After a fourth night of violence in Belfast, the chief constable of Northern Ireland's police has been speaking out against the riots.
Matt Baggott said there was "no excuse whatsoever" for violence.
He confirmed that since the protests began, 96 people have been arrested, including many young people.
Mr Baggot said he was very worried that children as young as 10 were becoming involved.
The protests are taking place because of a decision by Belfast City Council to change how often the union flag is flown over Belfast City Hall.
Most protests have been peaceful, but some have turned violent.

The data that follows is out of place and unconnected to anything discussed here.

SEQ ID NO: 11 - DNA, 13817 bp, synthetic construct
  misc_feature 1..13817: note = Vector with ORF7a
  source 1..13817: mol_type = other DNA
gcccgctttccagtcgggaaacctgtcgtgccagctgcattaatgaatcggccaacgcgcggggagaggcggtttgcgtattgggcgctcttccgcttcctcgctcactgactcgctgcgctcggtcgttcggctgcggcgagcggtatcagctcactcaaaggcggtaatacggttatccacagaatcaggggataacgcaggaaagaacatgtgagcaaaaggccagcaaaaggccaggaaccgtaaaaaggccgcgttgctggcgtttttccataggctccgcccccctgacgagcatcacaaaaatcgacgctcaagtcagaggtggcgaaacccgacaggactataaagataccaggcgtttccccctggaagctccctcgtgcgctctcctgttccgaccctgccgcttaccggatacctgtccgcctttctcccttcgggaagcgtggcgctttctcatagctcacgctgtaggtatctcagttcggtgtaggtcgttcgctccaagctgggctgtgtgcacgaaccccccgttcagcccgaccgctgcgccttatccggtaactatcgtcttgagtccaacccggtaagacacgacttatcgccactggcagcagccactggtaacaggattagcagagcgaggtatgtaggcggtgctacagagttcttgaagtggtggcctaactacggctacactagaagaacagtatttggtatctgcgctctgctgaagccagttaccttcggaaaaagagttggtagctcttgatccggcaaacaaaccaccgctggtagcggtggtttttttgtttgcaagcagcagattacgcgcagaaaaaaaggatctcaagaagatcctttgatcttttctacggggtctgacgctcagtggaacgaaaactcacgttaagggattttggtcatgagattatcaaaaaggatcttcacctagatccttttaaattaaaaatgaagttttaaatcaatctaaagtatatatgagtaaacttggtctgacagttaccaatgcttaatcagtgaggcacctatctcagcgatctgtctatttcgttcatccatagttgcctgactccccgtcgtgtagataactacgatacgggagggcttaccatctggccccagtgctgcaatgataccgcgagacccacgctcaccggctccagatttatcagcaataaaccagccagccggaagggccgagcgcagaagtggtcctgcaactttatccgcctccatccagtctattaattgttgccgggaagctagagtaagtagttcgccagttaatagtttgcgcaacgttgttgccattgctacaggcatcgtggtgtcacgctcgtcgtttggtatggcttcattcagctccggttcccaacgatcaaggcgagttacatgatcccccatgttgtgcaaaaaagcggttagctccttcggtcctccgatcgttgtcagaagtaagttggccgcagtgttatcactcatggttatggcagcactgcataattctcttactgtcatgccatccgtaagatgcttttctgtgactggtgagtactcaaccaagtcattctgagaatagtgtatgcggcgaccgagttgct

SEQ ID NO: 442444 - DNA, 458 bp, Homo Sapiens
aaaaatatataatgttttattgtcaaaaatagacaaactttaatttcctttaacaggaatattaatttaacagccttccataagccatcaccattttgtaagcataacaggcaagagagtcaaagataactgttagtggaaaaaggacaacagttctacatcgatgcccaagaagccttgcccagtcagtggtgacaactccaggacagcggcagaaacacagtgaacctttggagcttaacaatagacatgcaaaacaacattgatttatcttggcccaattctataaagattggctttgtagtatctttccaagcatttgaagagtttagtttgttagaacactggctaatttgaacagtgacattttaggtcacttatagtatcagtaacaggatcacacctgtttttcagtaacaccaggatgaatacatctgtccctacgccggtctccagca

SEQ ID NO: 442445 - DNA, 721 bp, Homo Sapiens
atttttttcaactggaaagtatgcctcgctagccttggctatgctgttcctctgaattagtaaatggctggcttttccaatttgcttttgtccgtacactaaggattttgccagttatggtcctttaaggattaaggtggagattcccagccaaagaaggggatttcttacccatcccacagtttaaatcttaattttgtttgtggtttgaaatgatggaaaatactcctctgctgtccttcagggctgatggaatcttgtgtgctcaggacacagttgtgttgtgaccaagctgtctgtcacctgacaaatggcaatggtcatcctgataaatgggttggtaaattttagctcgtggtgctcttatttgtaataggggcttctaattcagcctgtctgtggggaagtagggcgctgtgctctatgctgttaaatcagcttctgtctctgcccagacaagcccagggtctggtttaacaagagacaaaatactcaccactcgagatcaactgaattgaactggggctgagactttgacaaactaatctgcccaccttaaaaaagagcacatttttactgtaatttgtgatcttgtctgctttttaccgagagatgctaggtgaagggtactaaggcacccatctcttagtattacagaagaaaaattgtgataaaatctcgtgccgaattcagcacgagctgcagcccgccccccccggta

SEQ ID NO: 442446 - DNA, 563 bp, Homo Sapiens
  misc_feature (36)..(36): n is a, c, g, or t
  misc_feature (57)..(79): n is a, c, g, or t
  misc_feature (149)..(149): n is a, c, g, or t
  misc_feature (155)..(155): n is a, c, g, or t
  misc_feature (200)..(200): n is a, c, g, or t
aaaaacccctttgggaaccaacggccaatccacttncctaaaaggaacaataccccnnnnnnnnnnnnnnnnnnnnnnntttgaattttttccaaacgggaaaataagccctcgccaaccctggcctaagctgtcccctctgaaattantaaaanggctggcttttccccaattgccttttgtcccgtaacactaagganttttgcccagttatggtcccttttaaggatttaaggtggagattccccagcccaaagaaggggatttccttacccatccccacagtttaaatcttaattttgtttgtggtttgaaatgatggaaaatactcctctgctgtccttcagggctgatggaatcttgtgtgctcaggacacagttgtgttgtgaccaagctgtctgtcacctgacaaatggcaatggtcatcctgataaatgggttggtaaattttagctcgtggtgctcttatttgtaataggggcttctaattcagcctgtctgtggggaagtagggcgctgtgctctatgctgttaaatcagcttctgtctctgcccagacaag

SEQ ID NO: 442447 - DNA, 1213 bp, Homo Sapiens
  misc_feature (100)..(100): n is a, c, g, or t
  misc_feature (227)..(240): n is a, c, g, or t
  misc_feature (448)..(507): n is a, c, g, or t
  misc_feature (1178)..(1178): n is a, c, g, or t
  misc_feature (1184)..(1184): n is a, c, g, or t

On Sunday night, bricks, barriers and bottles were thrown at police, as hundreds of protestors walked up one of the city's main streets.
The union flag represents Northern Ireland being part of the United Kingdom, something not everyone living there is happy about.
Nationalists - who think Northern Ireland should be a part of the Republic of Ireland - wanted the flag to be taken down completely from Belfast City Hall. But they agreed for it to be flown on special occasions.
The result angered loyalists - they want to stay part of the UK and want the flag flown all year round.
Politicians in Belfast and London have condemned the violence.
For more information check out our guide to Northern Ireland.